Resources Nuisance Animals
Q: What should I do about nuisance animals?
A: In most cases nothing. Simply seeing animals, wild, feral or domestic does not always warrant action. If they are wild or feral, we do not suggest you try to capture or handle them and in the case of wild animals it is almost always illegal for you to do so.
- Not all young, wildlife is orphaned. In most cases, mom and sometimes dad too is close by. If the baby animal is in no immediate danger, it is best to leave it where it is and check on it every 15 minutes to half hour, FROM A DISTANCE. What will likely happen is that you will see a parent come back and care for the baby.
- If the animal is in distress, appears hurt or sick, or is acting oddly, call Animal Control at 410.638.3505.
Q: People in my neighborhood do not contain their pets and they wander into my yard. How do I keep other people’s pets off my property?
A: If you know where or to whom the animal belongs, simply talking with the pet owner is a good first step to resolving a problem.
- If you have tried to no avail to speak with the pet owner, HSHC will gladly try to help by discussing the problem with the pet owner to bring about a humane resolution.
Q: I live on a farm and people from the development next door let their dogs run. They sometimes come onto my property and chase my livestock.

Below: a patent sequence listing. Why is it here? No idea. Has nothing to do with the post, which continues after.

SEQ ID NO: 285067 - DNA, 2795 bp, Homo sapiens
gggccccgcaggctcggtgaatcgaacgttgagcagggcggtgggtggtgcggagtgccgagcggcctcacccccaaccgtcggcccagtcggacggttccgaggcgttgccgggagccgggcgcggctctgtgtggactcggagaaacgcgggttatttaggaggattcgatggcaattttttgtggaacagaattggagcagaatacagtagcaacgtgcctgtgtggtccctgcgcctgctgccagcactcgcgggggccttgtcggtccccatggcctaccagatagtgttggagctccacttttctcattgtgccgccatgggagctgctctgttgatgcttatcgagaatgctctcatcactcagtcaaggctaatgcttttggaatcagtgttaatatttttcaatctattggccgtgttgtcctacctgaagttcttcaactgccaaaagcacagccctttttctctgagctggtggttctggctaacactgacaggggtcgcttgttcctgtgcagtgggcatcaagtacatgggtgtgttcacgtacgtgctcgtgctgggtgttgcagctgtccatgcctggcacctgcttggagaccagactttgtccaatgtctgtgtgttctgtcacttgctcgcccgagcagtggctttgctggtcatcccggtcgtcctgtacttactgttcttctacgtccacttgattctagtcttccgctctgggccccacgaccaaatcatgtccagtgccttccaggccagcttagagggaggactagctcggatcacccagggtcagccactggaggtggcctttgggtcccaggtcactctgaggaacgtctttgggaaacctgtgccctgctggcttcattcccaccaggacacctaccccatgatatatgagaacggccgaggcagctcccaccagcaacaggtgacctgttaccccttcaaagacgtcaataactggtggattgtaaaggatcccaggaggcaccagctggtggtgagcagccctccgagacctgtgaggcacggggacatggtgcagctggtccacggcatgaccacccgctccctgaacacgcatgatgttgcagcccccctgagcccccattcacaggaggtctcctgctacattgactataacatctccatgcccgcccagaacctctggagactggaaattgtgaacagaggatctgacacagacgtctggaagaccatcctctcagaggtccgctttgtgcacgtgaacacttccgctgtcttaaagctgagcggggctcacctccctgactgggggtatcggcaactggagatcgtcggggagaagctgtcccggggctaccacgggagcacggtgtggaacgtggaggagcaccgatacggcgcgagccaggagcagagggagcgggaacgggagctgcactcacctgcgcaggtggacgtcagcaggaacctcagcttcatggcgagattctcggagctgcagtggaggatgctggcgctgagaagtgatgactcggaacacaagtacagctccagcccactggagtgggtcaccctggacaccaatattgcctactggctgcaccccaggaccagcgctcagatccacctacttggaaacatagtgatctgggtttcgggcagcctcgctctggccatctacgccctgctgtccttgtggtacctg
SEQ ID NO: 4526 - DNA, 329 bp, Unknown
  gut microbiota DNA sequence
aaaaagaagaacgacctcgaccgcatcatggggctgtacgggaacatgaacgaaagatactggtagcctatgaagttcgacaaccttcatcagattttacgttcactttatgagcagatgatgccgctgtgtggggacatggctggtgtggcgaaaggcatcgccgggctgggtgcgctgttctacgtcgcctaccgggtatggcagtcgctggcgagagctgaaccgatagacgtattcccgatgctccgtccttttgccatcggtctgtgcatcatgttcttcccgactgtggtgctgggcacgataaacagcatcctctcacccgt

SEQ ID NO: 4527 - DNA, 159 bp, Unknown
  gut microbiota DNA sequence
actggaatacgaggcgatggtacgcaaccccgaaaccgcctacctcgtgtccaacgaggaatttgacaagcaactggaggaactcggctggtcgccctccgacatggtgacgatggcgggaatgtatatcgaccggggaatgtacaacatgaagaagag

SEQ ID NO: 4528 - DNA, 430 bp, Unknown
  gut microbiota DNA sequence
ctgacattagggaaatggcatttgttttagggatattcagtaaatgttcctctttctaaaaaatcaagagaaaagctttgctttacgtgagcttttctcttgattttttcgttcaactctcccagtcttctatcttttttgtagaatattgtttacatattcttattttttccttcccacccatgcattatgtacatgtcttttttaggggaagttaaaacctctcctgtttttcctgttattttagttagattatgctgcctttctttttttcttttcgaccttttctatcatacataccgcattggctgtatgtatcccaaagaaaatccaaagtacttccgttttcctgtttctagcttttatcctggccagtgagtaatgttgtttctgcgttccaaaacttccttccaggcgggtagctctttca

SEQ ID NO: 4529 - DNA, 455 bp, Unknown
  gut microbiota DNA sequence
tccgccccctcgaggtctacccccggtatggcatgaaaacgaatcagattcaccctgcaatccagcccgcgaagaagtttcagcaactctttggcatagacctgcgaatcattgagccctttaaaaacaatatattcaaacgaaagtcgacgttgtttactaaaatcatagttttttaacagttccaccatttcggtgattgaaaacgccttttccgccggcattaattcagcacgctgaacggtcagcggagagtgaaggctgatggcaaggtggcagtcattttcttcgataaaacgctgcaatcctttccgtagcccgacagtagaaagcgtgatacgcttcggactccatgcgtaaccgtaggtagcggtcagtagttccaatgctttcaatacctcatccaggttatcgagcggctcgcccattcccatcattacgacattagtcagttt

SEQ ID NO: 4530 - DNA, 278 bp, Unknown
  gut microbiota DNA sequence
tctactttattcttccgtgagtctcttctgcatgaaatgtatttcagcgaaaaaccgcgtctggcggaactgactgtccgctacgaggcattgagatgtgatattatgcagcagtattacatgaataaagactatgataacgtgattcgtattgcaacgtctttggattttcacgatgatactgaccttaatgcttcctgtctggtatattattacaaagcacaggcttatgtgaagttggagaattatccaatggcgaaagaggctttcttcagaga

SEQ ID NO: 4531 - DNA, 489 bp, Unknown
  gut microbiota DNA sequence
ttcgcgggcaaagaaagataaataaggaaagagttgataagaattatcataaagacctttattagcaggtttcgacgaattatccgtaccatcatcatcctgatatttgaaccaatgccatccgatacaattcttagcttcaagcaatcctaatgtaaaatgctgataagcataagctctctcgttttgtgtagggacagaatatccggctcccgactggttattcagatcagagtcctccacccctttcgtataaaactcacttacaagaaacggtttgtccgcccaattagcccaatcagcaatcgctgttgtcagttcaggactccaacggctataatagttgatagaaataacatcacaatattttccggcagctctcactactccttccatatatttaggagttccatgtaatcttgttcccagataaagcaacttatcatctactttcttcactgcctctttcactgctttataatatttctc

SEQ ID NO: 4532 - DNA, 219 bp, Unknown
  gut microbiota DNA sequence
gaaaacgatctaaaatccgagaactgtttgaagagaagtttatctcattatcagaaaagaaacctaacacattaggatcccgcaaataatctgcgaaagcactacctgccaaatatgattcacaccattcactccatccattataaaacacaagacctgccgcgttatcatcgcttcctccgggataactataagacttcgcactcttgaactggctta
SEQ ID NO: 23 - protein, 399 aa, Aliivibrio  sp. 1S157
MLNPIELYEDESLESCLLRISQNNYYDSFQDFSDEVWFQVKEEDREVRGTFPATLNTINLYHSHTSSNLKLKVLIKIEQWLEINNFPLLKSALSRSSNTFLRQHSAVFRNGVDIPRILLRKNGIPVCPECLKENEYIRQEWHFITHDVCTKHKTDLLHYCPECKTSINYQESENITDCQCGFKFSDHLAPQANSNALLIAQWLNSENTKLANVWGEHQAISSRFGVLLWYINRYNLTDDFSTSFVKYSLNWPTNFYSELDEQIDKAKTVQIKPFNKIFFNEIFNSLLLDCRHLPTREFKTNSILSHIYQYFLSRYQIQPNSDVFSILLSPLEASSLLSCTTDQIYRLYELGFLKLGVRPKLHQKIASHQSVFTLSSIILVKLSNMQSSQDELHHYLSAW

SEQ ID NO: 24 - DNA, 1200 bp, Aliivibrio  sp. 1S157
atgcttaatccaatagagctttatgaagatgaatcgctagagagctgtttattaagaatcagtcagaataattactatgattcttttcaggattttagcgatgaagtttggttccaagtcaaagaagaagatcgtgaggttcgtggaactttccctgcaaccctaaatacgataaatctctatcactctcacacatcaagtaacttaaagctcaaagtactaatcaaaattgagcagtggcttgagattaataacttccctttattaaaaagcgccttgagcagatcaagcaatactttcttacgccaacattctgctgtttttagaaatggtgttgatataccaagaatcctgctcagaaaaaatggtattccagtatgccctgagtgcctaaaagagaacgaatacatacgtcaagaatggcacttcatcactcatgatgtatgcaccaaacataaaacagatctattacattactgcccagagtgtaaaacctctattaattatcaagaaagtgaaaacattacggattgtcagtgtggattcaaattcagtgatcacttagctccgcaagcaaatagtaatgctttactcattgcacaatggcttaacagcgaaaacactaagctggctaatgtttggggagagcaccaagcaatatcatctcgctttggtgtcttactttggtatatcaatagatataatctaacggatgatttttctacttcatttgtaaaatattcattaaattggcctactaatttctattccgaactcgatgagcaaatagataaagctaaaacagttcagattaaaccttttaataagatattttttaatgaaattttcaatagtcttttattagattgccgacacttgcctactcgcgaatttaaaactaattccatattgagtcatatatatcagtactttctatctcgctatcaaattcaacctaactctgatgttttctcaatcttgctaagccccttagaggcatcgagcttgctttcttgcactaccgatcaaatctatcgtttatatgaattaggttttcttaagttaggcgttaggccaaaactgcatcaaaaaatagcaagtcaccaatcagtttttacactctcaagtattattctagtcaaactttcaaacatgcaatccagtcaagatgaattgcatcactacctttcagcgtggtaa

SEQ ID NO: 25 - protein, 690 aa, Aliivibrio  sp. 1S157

A: This is a serious issue and one where an ounce of prevention is truly the best rule. If you feel your livestock is in danger, please do not wait, call Animal Control at 410.638.3505.
- To avoid the risk of future harm to your livestock, we also suggest speaking with the owner of the dog or with the homeowner’s association if you do not know where the dog belongs. HSHC will help you do this or act as mediator to resolve the problem
Q: There are so many cats in my neighborhood. They seem to come from the farm, empty field, neighborhood, etc. How do I keep them off my property?
A: Very often free roaming cats belong to your neighbors. Please address the problem with them to try to resolve the issue as compassionately as possible for all involved.
- If you have tried this, or if you do not know to whom the cat belongs, HSHC would be happy to provide you with suggested deterrents and humane resolutions to the problem.
- HSHC does not offer traps for rent, as we do not advocate trapping cats, except where an active TNR project is occurring. Very often trapped cats belong to someone. In some cases they may be strays, but most are not. Unfortunately, many pet owners do not begin missing or searching for their lost cats for many days. This may result in tragedy for both if the cat is trapped and brought to a shelter. Please seek compassionate alternatives to trapping.